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Why the Key to Effective Selling Isn't the Close

Sales isn't about the close. It's about connecting first and figuring out the details afterwards.
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pop the question:

In case you forgot, I wanted to remind you of the significance of Jan. 9. It's the anniversary of when I proposed to my now wife. If you've ever asked—or been asked—to get married, there's a pretty good chance that you remember the circumstances. I do, quite clearly, although I confess that from a pure creativity standpoint, I blew this once-in-a-lifetime opportunity.

I didn't hire an airplane to pull a “Linda, will you marry me?" banner across the sky. I didn't take her back to the spot where we first met. I didn't find a street magician who would hide the engagement ring in a magic cup. What I did do was panic.

I picked up the ring at the jewelry store, put it in my pocket and, although I had no intention of asking her that night, it just came out. I leaned over during dinner at a local restaurant—right in between the salad and the main course—and the next thing I knew, I was popping the question.

It was boring. It was awkward. It was completely without flash or romance. I seem to remember getting a free dessert out of it, but other than that, it was a missed opportunity. But, and this is a critical “but," she said “yes" anyway.

Not that I was surprised. We had been headed in that direction for months. This was simply the logical conclusion to all that had come before. It took me a long time to realize, but selling a professional service is not that different.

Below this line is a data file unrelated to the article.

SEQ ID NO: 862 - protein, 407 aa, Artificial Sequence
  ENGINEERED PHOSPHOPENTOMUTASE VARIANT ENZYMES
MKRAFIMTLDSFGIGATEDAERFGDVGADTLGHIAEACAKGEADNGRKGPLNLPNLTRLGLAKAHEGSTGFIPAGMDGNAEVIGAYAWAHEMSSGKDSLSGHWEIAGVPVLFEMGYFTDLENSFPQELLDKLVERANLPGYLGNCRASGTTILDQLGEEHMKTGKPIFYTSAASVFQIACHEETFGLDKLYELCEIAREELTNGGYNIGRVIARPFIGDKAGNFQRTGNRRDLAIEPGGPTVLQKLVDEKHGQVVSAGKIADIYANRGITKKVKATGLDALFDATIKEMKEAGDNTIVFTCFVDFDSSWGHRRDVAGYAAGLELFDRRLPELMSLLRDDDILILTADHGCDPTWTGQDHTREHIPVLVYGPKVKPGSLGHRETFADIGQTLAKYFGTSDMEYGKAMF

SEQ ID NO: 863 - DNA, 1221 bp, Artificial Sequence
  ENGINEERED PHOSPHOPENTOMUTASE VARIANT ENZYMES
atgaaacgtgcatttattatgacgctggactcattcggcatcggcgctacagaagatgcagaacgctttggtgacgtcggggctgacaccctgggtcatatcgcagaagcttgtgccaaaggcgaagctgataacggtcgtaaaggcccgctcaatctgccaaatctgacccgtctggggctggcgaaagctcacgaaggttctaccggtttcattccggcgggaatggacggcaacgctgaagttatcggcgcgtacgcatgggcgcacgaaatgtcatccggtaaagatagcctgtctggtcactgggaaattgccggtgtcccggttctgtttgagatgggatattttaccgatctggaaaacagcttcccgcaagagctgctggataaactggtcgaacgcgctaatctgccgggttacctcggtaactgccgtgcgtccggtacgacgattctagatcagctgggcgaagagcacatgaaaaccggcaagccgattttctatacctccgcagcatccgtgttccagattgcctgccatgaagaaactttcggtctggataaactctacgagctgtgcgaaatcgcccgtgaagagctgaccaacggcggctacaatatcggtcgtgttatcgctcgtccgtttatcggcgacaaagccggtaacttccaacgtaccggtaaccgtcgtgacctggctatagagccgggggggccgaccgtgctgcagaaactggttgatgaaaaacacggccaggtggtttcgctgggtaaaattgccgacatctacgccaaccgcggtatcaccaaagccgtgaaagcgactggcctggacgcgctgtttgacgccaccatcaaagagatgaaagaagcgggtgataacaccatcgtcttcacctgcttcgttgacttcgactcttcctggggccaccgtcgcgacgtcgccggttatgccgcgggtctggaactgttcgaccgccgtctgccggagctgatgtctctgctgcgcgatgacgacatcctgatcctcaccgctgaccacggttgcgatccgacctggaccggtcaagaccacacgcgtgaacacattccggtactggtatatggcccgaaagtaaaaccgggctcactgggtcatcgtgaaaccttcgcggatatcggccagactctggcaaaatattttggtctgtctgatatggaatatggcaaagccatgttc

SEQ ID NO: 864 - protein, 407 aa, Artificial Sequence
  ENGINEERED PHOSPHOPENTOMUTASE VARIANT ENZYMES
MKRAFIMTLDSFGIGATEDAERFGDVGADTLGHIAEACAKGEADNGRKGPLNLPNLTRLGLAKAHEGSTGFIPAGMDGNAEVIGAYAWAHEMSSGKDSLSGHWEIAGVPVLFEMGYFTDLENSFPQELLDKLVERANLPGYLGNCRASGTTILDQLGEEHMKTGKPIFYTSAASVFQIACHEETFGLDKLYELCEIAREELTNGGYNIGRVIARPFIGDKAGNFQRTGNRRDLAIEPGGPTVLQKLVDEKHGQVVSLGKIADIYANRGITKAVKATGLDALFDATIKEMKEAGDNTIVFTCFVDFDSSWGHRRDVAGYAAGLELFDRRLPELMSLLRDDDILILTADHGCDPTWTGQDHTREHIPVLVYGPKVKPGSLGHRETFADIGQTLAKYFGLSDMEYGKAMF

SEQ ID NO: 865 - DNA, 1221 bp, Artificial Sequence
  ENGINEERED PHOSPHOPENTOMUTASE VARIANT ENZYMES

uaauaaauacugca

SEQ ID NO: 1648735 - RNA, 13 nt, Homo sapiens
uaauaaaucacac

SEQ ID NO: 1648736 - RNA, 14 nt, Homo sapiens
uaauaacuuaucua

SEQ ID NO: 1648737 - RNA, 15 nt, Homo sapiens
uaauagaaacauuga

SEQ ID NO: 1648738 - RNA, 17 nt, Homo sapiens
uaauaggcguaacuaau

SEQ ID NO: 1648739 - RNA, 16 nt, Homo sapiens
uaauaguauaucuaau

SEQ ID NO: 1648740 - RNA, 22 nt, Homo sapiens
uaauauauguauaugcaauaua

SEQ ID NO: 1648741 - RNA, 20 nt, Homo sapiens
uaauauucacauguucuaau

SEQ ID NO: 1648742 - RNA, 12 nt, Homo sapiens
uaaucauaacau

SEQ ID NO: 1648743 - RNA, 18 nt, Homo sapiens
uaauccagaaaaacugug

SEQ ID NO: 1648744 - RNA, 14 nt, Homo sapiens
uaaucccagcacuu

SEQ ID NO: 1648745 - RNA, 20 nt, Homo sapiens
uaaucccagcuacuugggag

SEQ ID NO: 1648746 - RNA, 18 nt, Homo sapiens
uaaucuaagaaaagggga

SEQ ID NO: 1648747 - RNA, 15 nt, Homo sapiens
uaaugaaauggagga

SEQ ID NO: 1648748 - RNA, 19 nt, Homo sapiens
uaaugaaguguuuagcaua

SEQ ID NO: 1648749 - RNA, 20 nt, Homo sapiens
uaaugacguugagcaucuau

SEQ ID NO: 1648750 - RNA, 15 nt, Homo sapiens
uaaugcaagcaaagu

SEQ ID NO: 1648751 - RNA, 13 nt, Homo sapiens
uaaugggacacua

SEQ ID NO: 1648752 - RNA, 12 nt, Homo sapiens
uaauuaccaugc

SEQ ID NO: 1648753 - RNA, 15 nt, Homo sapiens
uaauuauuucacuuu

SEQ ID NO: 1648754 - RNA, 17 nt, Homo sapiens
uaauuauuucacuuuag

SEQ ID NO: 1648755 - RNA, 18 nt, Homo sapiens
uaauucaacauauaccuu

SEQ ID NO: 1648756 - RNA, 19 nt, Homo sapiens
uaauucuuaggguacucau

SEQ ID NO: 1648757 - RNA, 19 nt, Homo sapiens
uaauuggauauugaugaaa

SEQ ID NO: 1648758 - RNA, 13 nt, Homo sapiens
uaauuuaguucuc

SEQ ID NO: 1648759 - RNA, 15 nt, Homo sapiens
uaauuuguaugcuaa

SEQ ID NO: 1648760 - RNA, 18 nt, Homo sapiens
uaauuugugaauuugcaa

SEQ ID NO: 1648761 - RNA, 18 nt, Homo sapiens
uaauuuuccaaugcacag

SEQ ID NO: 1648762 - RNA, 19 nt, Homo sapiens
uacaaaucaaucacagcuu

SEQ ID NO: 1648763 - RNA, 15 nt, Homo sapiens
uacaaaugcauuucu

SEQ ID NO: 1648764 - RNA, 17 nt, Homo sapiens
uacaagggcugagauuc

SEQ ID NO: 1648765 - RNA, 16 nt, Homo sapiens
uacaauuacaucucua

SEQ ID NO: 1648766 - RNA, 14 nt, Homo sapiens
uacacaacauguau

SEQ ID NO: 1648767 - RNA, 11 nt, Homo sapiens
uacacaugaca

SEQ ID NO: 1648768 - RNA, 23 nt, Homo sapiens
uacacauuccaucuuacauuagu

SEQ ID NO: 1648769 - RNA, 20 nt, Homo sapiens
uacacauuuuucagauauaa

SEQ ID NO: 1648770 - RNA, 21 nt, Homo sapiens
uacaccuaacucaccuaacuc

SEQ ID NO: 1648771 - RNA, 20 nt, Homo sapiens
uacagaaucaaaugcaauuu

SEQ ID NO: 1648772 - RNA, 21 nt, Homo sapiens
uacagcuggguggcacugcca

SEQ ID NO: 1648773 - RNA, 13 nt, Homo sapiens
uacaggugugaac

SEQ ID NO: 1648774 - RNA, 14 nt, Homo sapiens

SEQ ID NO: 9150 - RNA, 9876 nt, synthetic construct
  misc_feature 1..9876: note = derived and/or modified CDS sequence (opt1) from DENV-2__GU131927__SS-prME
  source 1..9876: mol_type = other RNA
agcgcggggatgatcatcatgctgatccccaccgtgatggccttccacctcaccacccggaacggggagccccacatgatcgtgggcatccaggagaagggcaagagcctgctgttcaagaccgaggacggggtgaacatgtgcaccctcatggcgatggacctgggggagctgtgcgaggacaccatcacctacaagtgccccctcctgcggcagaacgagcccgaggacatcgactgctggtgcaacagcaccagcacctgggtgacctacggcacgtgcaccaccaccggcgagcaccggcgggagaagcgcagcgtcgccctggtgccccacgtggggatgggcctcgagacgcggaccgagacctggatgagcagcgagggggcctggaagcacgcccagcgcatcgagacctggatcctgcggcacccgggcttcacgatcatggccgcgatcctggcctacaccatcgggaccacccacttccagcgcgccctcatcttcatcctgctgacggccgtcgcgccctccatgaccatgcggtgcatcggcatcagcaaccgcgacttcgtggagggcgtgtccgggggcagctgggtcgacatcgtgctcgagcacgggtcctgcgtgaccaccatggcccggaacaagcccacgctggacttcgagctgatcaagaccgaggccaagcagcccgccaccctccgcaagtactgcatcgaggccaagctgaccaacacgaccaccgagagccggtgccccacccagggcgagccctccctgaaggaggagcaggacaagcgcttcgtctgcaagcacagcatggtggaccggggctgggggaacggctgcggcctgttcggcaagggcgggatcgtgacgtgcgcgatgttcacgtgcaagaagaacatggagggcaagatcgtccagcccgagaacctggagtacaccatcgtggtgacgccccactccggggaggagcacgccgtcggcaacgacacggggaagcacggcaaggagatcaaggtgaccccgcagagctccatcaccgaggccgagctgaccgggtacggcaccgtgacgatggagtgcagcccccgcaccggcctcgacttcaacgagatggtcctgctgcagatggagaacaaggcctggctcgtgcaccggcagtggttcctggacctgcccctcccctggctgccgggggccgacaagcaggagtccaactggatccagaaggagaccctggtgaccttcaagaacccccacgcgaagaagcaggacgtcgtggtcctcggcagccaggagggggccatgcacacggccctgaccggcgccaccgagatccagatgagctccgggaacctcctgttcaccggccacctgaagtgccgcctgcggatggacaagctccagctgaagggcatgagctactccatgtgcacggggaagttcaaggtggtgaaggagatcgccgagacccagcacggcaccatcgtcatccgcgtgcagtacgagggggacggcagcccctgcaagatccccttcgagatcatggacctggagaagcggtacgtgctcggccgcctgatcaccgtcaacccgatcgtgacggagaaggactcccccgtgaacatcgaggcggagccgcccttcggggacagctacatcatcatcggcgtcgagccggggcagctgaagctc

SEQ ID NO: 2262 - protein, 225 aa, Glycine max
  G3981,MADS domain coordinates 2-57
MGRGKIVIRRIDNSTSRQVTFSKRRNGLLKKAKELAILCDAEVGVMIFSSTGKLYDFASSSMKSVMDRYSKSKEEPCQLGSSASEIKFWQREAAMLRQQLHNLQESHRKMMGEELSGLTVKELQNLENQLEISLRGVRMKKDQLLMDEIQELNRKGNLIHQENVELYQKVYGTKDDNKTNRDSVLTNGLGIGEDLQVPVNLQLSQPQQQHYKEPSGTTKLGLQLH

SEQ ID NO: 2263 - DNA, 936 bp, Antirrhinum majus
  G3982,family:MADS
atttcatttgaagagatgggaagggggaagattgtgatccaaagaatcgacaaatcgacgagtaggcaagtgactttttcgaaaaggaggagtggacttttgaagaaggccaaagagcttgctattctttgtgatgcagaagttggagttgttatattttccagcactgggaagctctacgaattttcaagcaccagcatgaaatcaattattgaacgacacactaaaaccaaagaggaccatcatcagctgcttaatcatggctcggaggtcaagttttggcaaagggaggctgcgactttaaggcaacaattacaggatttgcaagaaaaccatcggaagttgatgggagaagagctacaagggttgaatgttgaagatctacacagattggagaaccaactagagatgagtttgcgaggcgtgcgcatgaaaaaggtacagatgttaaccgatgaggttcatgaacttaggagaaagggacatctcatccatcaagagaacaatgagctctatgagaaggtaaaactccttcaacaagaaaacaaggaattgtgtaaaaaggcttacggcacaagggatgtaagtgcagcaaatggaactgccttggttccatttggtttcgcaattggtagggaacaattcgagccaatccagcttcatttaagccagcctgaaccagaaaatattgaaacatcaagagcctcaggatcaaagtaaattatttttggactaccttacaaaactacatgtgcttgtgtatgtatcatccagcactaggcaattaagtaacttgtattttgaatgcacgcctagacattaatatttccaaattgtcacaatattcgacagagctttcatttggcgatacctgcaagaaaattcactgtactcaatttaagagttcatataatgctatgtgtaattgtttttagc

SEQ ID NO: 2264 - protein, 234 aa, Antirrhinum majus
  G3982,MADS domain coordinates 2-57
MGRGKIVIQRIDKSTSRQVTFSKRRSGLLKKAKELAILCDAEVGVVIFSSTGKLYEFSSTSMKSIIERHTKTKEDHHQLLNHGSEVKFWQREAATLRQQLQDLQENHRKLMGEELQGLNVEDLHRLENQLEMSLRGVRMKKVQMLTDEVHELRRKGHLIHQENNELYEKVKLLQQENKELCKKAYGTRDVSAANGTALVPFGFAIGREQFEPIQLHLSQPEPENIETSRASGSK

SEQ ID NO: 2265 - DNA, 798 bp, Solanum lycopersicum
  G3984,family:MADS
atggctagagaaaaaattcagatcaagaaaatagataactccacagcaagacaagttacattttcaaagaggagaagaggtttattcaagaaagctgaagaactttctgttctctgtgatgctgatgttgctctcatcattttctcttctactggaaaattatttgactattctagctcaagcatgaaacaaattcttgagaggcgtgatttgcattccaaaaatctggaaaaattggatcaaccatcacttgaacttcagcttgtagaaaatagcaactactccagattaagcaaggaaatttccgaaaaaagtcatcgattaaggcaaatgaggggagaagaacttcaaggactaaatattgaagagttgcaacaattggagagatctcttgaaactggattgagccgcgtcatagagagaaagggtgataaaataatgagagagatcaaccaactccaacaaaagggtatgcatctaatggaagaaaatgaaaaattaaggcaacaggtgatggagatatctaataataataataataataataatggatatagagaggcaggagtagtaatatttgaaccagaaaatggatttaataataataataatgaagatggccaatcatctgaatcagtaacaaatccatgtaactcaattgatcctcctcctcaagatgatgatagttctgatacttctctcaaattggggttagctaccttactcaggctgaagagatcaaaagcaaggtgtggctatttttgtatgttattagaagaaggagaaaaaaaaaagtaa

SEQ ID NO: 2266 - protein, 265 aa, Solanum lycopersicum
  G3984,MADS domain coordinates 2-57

When I first began working for myself in 2000, I knew nothing about selling. My professional experience up until that point was in marketing. I figured I had better learn “how to sell." I read a bunch of books, I took a few classes, and I practiced. I practiced asking for the sale. I practiced handling objections. I practiced emphasizing benefits, not features.

Did it work? Maybe. Sometimes.

But it was always uncomfortable, and it never felt authentic. And, I eventually realized, it didn't matter that much anyway. People who liked me, trusted me and wanted what I was offering were eager to move ahead. We just needed to agree on the specifics. It wasn't about closing, it was about connecting. And connecting takes time.

If you're in the business of selling low-risk, small-ticket items to people who you'll never see again, then yes, I suppose selling technique matters. But you're not in that business. You sell a professional service—one that feels risky to engage, is hard to sample, and requires a fair amount of investment. The people who buy from you and me need to believe in us, something that happens slowly and begins long before we ask for the sale.

When it came to asking Linda to marry me, the truth is, if she weren't interested, there's nothing I could have said or done during the proposal itself that would have changed her mind. That's because the key to effective selling isn't in the close. It's in everything you do to develop that trust, connection and reputation for weeks, months or years leading up to it.

And while it may be true that only by saying the magic words, “Will you marry me?" does an engagement ever occur, by the time the question is asked, the decision has already been made.

Michael Katz is a marketing communications consultant and founder of Blue Penguin Development. He works exclusively with small professional service firms and independents.

Thursday, February 1, 2024
Sales & Marketing
Digital Edition